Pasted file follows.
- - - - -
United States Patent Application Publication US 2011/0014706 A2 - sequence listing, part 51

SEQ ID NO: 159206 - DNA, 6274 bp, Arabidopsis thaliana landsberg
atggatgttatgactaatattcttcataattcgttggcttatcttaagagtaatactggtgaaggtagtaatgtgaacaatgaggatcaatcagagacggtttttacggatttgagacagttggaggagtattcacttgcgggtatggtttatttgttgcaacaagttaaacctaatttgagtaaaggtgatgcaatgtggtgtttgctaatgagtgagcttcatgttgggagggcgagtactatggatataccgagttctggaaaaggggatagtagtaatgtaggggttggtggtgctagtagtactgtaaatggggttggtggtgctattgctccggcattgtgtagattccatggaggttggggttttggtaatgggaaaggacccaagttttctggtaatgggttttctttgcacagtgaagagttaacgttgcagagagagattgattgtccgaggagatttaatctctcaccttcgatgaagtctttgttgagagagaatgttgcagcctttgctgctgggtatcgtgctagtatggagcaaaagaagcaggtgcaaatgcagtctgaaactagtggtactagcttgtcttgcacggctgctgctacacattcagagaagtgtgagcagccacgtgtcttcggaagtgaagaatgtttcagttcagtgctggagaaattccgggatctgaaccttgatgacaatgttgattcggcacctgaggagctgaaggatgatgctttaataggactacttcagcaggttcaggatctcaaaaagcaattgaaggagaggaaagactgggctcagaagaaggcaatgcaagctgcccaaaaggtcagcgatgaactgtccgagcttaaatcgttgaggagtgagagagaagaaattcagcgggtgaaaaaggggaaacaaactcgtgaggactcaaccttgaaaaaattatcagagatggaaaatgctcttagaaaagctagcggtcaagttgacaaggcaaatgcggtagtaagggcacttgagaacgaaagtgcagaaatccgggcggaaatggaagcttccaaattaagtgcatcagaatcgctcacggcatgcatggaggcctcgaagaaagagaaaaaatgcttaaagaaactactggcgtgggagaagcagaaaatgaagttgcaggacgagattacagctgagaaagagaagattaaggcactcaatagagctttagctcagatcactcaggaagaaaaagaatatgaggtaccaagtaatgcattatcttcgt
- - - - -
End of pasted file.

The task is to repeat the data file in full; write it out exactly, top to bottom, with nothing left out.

United States Patent Application Publication US 2011/0014706 A2 - sequence listing, part 51

SEQ ID NO: 159206 - DNA, 6274 bp, Arabidopsis thaliana landsberg
atggatgttatgactaatattcttcataattcgttggcttatcttaagagtaatactggtgaaggtagtaatgtgaacaatgaggatcaatcagagacggtttttacggatttgagacagttggaggagtattcacttgcgggtatggtttatttgttgcaacaagttaaacctaatttgagtaaaggtgatgcaatgtggtgtttgctaatgagtgagcttcatgttgggagggcgagtactatggatataccgagttctggaaaaggggatagtagtaatgtaggggttggtggtgctagtagtactgtaaatggggttggtggtgctattgctccggcattgtgtagattccatggaggttggggttttggtaatgggaaaggacccaagttttctggtaatgggttttctttgcacagtgaagagttaacgttgcagagagagattgattgtccgaggagatttaatctctcaccttcgatgaagtctttgttgagagagaatgttgcagcctttgctgctgggtatcgtgctagtatggagcaaaagaagcaggtgcaaatgcagtctgaaactagtggtactagcttgtcttgcacggctgctgctacacattcagagaagtgtgagcagccacgtgtcttcggaagtgaagaatgtttcagttcagtgctggagaaattccgggatctgaaccttgatgacaatgttgattcggcacctgaggagctgaaggatgatgctttaataggactacttcagcaggttcaggatctcaaaaagcaattgaaggagaggaaagactgggctcagaagaaggcaatgcaagctgcccaaaaggtcagcgatgaactgtccgagcttaaatcgttgaggagtgagagagaagaaattcagcgggtgaaaaaggggaaacaaactcgtgaggactcaaccttgaaaaaattatcagagatggaaaatgctcttagaaaagctagcggtcaagttgacaaggcaaatgcggtagtaagggcacttgagaacgaaagtgcagaaatccgggcggaaatggaagcttccaaattaagtgcatcagaatcgctcacggcatgcatggaggcctcgaagaaagagaaaaaatgcttaaagaaactactggcgtgggagaagcagaaaatgaagttgcaggacgagattacagctgagaaagagaagattaaggcactcaatagagctttagctcagatcactcaggaagaaaaagaatatgaggtaccaagtaatgcattatcttcgt